Ford End is a village in Essex with a collection of pretty 15th century cottages, among other more recent houses. With such old buildings at their core, you'd be surprised to come round the corner and find an odd-sized red brick church, far from the traditional old churches you normally find in the area.
That's because the church of Ford End was only erected in 1870, and it's short life has already had a very patchy history. Designed by Frederic Chancellor, a local architect credited with over 700 buildings over the course of his career, the church was built on an osier bed, where willows were planted and then harvested for making baskets and fish traps. Unfortunately for the church, the old osier bed was unstable, leading to structural problems with the building. The church was originally bigger than it's current form, but the 1980s saw the the destruction of the chancel, reportedly after it became so weak that masonry was falling on the congregation.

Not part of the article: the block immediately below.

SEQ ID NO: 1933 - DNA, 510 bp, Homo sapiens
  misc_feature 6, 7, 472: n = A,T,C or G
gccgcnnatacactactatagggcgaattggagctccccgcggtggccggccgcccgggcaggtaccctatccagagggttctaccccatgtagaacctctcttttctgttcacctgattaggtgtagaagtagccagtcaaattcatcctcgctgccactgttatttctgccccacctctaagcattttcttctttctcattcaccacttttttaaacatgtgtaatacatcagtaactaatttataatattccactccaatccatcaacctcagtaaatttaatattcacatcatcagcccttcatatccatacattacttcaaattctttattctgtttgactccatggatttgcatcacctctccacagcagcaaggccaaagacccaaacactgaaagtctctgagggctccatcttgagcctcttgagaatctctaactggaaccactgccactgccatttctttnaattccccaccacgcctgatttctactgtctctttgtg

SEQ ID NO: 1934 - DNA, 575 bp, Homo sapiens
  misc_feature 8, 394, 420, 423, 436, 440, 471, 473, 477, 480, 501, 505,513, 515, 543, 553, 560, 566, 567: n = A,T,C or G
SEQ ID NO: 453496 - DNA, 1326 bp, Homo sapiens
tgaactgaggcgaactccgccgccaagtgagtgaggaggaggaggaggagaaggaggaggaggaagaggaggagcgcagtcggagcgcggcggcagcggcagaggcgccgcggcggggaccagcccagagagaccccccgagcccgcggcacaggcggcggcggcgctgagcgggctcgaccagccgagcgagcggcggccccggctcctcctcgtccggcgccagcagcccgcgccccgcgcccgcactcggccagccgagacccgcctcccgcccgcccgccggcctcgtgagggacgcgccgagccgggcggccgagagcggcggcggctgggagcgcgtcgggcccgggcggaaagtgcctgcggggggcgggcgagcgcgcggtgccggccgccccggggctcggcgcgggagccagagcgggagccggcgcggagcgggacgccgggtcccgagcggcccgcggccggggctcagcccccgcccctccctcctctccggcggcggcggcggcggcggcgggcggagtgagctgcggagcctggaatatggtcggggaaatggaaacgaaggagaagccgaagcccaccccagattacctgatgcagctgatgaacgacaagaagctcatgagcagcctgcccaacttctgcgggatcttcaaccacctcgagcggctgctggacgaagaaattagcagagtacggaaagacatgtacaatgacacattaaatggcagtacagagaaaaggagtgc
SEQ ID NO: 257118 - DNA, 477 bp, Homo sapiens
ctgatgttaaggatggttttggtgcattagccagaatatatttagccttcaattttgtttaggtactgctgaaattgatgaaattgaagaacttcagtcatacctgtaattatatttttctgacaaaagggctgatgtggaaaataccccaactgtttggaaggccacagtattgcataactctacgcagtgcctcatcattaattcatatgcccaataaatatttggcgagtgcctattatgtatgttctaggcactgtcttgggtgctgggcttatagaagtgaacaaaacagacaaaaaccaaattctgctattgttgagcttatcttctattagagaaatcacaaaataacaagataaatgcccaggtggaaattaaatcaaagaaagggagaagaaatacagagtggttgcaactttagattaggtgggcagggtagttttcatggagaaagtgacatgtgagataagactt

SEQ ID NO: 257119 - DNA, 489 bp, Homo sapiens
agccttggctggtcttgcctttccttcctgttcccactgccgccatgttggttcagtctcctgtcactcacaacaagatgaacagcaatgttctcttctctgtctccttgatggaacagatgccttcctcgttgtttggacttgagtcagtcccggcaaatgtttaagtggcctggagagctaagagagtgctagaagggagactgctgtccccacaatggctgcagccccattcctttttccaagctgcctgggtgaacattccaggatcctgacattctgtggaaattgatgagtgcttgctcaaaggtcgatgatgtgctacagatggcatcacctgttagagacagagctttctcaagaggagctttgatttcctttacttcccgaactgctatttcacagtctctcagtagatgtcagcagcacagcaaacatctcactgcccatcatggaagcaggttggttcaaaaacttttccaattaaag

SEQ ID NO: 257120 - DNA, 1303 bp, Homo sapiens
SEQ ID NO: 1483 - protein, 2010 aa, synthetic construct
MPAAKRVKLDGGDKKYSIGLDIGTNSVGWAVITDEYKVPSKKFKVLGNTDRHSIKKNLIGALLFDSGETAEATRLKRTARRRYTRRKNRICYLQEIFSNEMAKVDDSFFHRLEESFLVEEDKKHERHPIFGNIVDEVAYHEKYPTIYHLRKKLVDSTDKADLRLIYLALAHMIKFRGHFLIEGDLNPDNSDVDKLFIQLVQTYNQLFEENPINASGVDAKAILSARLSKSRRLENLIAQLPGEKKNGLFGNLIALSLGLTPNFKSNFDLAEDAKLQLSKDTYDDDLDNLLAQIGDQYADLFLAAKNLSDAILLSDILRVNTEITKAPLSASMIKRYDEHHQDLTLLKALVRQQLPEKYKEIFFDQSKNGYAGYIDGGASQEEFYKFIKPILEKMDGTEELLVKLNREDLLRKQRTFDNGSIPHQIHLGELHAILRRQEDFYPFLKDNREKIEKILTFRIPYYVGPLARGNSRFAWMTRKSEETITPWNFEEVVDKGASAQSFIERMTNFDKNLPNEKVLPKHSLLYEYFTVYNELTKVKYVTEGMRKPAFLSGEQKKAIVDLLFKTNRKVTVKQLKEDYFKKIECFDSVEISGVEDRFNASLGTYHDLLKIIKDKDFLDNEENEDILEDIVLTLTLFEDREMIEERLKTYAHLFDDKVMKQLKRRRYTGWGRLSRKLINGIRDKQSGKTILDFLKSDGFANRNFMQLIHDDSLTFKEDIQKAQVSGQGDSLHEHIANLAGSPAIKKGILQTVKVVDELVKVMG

The large tower was also, at one point, considered to be unsafe. Happily this was proved to be incorrect, and it's now used to train new bell ringers as the peal in the tower is quite light. The enormous "cat slide" roof over the main body of the church makes the walls look particularly tiny, but with the tall thin tower, it gives the church a unique appearance.
Due to the fairly recent construction of the church there isn't any particular set of memorials, except for the one dedicated to Reverend Arthur Cripps, and there's no medieval graffiti. But the building itself makes this church worth a visit, if only so you can gawp at the odd proportions of the roof!